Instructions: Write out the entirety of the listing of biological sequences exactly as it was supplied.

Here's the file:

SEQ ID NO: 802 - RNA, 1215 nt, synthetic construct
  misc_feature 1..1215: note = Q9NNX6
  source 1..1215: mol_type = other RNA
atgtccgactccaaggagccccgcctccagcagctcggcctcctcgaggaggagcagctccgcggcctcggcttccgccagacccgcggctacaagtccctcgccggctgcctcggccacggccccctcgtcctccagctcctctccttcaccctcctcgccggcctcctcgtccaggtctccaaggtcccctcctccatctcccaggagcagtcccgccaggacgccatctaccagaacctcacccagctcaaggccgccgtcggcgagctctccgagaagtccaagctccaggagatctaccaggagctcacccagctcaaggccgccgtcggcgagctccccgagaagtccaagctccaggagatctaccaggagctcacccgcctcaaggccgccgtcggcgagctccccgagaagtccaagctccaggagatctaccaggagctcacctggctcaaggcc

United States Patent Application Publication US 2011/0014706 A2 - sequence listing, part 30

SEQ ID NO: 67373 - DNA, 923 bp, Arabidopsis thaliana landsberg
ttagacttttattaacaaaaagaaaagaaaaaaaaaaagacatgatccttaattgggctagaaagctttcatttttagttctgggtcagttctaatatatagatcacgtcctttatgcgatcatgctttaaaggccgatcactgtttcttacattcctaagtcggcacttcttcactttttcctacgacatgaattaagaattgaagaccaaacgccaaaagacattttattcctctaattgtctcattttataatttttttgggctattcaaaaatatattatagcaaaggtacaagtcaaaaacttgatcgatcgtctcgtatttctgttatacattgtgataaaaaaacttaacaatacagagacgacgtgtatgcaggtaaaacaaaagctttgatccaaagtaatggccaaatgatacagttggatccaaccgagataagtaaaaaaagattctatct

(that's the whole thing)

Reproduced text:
SEQ ID NO: 802 - RNA, 1215 nt, synthetic construct
  misc_feature 1..1215: note = Q9NNX6
  source 1..1215: mol_type = other RNA
atgtccgactccaaggagccccgcctccagcagctcggcctcctcgaggaggagcagctccgcggcctcggcttccgccagacccgcggctacaagtccctcgccggctgcctcggccacggccccctcgtcctccagctcctctccttcaccctcctcgccggcctcctcgtccaggtctccaaggtcccctcctccatctcccaggagcagtcccgccaggacgccatctaccagaacctcacccagctcaaggccgccgtcggcgagctctccgagaagtccaagctccaggagatctaccaggagctcacccagctcaaggccgccgtcggcgagctccccgagaagtccaagctccaggagatctaccaggagctcacccgcctcaaggccgccgtcggcgagctccccgagaagtccaagctccaggagatctaccaggagctcacctggctcaaggcc

United States Patent Application Publication US 2011/0014706 A2 - sequence listing, part 30

SEQ ID NO: 67373 - DNA, 923 bp, Arabidopsis thaliana landsberg
ttagacttttattaacaaaaagaaaagaaaaaaaaaaagacatgatccttaattgggctagaaagctttcatttttagttctgggtcagttctaatatatagatcacgtcctttatgcgatcatgctttaaaggccgatcactgtttcttacattcctaagtcggcacttcttcactttttcctacgacatgaattaagaattgaagaccaaacgccaaaagacattttattcctctaattgtctcattttataatttttttgggctattcaaaaatatattatagcaaaggtacaagtcaaaaacttgatcgatcgtctcgtatttctgttatacattgtgataaaaaaacttaacaatacagagacgacgtgtatgcaggtaaaacaaaagctttgatccaaagtaatggccaaatgatacagttggatccaaccgagataagtaaaaaaagattctatct